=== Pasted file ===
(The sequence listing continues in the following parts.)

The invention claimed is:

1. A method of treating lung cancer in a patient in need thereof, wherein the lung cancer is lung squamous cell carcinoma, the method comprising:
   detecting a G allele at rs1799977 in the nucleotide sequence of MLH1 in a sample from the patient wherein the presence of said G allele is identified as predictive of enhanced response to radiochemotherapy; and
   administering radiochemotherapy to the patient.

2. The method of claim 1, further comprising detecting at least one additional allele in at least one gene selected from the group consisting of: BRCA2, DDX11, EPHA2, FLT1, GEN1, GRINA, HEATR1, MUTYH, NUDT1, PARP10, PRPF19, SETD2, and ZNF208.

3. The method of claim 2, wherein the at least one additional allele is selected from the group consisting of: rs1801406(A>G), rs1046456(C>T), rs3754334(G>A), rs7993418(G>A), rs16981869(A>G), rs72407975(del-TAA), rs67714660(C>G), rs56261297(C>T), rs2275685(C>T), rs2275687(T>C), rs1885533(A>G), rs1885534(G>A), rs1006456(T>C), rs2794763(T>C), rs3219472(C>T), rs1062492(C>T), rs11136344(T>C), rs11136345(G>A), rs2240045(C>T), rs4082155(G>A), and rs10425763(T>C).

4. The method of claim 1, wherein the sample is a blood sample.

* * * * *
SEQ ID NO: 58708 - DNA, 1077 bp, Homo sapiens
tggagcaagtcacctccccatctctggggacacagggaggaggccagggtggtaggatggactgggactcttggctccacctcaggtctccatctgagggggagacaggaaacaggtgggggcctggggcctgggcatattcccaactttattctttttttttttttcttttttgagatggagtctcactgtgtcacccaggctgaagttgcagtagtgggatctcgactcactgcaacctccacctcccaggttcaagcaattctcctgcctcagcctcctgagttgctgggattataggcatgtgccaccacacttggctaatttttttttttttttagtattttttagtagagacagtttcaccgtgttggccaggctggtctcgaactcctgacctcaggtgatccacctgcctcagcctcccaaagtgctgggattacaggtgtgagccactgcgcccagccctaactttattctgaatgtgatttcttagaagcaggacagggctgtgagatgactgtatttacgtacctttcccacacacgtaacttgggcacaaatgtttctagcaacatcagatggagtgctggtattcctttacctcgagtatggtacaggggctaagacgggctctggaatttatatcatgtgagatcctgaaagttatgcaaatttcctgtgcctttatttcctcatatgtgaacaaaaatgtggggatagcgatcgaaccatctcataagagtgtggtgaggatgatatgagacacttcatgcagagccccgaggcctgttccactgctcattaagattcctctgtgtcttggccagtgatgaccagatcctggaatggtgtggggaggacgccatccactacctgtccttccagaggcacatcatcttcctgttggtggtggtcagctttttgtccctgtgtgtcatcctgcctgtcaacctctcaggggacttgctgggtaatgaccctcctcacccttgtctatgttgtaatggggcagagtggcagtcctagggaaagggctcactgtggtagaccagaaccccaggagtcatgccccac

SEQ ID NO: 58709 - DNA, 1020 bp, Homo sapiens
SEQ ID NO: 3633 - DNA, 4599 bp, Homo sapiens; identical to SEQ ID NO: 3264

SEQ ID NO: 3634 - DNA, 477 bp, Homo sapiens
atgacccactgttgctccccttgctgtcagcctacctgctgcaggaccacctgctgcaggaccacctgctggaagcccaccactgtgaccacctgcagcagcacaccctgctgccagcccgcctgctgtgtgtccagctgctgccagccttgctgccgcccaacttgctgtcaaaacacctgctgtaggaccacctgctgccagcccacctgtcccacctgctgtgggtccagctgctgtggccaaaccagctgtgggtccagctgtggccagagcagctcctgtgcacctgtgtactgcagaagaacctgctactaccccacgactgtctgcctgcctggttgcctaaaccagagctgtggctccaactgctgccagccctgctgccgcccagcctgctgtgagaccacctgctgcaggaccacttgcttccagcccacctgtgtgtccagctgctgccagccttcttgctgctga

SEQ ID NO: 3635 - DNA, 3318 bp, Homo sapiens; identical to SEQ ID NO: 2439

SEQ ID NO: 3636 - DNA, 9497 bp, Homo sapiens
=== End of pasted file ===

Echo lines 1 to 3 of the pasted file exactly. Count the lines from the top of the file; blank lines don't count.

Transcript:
(The sequence listing continues in the following parts.)

The invention claimed is:

1. A method of treating lung cancer in a patient in need thereof, wherein the lung cancer is lung squamous cell carcinoma, the method comprising: